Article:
How many square feet of wood fence is 270 linear feet x 6 feet hight

Ad

You would need the dimensions of the item that you are trying to calculate the distance on. For example, a 12 inch by 12 inch tile is one square foot. 18 of them would be 18 square feet. If you place them end-to-end you would have 18 linear feet. However, if you had a 6 inch by 12 inch tile, it would take 36 of them to get 18 square feet. If you lined the tiles up in a row on the 6 inch side, you would have 18 linear feet. If you lined them up on the 12 inch side, you would have 36 linear feet. Linear feet does not take into account width, only length. So trying to translate a 2-dimensional value into a 1-dimensional value is difficult if not impossible without more details.

See this answer as well....

How many linear feet are there per square foot

See this answer as well....

How many linear feet are there per square foot

Mar 07, 2016 | Office Equipment & Supplies

You get square feet by multiplying linear feet with another linear feet. 18 sq.ft = 3 lin ft x 6 lin ft or 2 lin ft x 9 lin feet or 4,5 lin ft x 4lin feet.

Sq ft is used to quantify surface area where linear feet quantify distance but lin ft x lin ft gives you square ft (surface area)

Sq ft is used to quantify surface area where linear feet quantify distance but lin ft x lin ft gives you square ft (surface area)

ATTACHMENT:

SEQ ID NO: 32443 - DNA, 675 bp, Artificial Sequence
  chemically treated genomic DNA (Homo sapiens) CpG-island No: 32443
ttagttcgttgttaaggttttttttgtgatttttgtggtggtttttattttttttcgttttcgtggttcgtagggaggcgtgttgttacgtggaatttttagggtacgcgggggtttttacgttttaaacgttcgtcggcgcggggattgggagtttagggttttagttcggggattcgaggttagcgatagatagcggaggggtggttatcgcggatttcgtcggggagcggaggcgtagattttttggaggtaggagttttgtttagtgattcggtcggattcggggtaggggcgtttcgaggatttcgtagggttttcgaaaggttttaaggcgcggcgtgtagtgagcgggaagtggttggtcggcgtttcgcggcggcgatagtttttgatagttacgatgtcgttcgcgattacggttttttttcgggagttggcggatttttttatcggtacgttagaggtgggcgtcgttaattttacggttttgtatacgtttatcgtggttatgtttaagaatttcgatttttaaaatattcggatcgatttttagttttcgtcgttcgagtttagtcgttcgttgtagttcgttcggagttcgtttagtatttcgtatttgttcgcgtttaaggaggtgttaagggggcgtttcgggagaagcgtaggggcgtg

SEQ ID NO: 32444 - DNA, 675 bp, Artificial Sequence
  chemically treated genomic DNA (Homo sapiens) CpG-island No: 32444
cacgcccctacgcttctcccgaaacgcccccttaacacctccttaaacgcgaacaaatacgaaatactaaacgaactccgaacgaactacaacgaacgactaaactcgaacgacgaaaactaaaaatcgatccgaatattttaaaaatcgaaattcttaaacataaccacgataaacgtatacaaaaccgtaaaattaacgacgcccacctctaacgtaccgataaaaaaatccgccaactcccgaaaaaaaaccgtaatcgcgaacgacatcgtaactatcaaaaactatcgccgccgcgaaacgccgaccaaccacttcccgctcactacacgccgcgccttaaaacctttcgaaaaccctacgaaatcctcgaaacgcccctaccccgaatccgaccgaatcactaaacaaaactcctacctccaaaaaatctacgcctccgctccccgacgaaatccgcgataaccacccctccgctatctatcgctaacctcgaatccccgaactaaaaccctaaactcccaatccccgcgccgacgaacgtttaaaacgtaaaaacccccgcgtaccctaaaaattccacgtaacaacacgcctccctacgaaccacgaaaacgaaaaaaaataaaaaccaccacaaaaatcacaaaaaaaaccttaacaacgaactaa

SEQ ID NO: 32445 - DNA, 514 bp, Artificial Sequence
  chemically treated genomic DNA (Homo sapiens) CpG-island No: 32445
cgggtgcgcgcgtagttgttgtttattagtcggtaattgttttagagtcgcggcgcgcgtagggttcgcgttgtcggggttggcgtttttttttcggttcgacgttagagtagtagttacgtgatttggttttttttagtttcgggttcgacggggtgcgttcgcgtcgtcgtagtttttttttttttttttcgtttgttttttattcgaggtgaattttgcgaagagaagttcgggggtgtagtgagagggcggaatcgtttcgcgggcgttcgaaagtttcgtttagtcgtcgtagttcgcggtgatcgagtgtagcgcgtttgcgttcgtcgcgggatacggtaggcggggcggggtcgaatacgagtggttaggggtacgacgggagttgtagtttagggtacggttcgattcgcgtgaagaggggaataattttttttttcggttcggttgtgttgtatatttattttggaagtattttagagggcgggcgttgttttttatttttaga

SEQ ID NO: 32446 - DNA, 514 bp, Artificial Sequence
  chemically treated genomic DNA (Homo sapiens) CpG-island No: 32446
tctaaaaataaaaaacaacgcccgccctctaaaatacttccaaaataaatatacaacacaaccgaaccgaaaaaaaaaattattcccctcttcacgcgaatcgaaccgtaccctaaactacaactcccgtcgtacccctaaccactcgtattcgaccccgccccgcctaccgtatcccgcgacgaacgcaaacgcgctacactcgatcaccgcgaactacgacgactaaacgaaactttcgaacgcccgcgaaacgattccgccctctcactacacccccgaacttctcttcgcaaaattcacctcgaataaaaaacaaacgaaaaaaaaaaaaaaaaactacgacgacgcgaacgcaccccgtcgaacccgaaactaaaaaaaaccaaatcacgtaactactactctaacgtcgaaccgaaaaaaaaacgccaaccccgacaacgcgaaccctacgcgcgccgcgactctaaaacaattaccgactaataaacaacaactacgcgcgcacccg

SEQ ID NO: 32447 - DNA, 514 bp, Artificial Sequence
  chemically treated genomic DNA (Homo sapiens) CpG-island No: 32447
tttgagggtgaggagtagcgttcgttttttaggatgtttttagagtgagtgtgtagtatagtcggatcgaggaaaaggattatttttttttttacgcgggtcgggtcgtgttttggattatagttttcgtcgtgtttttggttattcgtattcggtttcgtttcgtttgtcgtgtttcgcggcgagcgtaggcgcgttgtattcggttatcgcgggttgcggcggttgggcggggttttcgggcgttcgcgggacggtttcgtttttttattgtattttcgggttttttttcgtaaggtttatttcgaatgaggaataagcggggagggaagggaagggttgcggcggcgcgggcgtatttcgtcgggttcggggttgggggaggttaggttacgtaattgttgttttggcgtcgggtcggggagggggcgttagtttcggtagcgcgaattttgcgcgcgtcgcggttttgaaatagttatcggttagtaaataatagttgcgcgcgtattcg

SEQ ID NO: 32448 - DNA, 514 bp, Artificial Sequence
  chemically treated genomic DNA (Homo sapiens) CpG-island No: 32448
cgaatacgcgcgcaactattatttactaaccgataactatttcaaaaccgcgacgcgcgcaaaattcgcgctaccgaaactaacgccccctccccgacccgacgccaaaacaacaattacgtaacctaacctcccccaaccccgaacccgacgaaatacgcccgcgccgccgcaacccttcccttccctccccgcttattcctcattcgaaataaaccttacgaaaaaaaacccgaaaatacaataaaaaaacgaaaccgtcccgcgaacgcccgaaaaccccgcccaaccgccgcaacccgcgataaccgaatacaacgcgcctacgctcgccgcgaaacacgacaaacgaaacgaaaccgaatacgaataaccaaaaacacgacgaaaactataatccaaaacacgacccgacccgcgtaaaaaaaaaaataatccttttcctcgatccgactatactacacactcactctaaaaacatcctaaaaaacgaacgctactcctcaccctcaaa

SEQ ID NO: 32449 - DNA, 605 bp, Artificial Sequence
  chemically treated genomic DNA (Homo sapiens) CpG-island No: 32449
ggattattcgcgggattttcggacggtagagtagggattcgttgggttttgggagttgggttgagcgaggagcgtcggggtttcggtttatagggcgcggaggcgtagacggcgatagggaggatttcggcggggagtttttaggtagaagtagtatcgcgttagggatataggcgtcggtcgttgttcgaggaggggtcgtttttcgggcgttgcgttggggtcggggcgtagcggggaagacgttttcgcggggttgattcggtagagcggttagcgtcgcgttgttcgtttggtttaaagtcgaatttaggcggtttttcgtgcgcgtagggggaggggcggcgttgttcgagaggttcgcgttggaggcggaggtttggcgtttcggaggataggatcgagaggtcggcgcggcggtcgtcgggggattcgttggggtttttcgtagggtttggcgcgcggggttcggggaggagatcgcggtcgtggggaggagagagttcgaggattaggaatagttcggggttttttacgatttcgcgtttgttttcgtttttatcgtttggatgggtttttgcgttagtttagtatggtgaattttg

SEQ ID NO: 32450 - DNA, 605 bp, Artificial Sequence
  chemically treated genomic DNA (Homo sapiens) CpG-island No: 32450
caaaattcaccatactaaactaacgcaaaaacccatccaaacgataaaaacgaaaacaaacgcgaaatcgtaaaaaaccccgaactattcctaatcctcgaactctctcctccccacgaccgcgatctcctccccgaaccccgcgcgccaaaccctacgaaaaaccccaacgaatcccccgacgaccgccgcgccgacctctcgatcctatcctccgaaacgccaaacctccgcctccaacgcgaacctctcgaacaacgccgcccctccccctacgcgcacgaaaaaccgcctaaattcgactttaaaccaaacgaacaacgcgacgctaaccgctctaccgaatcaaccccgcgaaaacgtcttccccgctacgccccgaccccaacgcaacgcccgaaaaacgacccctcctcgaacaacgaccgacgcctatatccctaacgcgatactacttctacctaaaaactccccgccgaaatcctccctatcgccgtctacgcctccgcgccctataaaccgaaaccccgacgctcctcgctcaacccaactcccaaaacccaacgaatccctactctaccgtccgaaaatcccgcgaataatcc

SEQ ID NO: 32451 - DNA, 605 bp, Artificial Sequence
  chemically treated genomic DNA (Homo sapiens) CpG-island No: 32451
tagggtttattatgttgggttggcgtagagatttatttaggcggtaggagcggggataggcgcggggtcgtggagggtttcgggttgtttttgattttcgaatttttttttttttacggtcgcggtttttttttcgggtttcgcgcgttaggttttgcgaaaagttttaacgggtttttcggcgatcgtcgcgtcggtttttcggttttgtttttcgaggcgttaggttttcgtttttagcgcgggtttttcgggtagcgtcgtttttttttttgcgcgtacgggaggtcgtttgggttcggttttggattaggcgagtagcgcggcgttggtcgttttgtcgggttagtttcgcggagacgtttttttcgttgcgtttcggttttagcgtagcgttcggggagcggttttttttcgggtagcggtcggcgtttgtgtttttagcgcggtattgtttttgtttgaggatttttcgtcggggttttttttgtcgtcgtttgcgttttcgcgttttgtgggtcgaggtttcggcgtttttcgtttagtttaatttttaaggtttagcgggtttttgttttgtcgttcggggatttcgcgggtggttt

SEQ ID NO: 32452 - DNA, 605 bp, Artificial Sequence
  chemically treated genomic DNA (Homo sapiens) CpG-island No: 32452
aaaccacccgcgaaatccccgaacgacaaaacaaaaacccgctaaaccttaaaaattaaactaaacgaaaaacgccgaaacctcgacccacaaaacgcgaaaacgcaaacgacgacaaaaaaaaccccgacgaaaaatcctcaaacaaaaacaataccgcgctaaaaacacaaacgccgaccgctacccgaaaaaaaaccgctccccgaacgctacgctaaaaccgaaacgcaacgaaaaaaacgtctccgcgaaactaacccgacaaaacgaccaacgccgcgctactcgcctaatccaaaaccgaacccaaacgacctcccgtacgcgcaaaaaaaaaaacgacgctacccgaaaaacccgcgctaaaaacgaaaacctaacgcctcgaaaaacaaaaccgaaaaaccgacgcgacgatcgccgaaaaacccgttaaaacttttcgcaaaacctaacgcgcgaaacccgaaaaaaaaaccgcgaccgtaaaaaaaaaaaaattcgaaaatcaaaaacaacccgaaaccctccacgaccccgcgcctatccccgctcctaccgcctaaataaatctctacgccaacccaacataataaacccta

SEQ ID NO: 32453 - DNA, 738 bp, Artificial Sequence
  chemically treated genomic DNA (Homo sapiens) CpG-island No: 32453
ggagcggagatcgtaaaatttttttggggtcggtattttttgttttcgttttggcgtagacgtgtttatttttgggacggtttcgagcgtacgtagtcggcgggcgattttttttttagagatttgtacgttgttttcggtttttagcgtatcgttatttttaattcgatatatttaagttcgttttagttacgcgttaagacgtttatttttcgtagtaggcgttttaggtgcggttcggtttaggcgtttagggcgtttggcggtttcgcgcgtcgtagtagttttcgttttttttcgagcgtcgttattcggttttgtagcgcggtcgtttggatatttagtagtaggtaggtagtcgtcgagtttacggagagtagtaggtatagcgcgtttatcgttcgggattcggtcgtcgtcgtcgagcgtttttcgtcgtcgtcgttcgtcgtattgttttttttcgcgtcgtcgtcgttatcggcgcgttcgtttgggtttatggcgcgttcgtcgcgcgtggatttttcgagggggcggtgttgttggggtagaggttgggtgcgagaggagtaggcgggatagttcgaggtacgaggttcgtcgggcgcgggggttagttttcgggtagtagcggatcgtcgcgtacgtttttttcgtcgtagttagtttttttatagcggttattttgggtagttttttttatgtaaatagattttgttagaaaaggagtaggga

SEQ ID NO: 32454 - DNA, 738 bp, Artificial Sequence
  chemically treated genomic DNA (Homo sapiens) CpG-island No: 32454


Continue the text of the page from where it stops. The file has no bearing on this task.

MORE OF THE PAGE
Mar 07, 2016 | Office Equipment & Supplies

I am assuming you are talking about fencing in 3 sides of an area with each side being 25 feet long. Linear feet refers to only the running length of the fence. It doesn't care about height. For example, you fence will be 75 linear feet long...three sides each 25 feet. The price per linear foot already takes into account the fence height. For example, you say that the fence you want is about $15.00 per linear foot. For the sake of argument, say your fence is 4 feet high. If you were to change to a 3 foot high fence, the cost per linear foot would be less since there is less fencing material. If you wanted to up the height to 6 feet, the price would rise accordingly.

Mar 06, 2015 | Home Fencing

Are you trying to convert 1,500 square feet to linear feet for wood flooring? You will need to know the width of the planks you are going to use in order to complete the formula; so multiply square feet times 12 and divide by the width of the wood (in inches) to get lineal feet.

Add 10% to that figure to compensate for waste cut outs and mistakes

Add 10% to that figure to compensate for waste cut outs and mistakes

Feb 19, 2015 | Vacuums

Sounds like a math homework question. I suggest you divide the given side length into the area to obtain the second side. Add the first side and second side to get the linear feet for the two sides.....

Sep 21, 2014 | Home Fencing

2 Linear feet of 6" Material would make 1 Sq Ft.

so 1200 linear feet should do it.

so 1200 linear feet should do it.

Sep 16, 2014 | Pavilion Wood Decking Exotic Cumaru /...

Linear feet is just the length of the fence in feet.

Linear just means how many straight feet it is.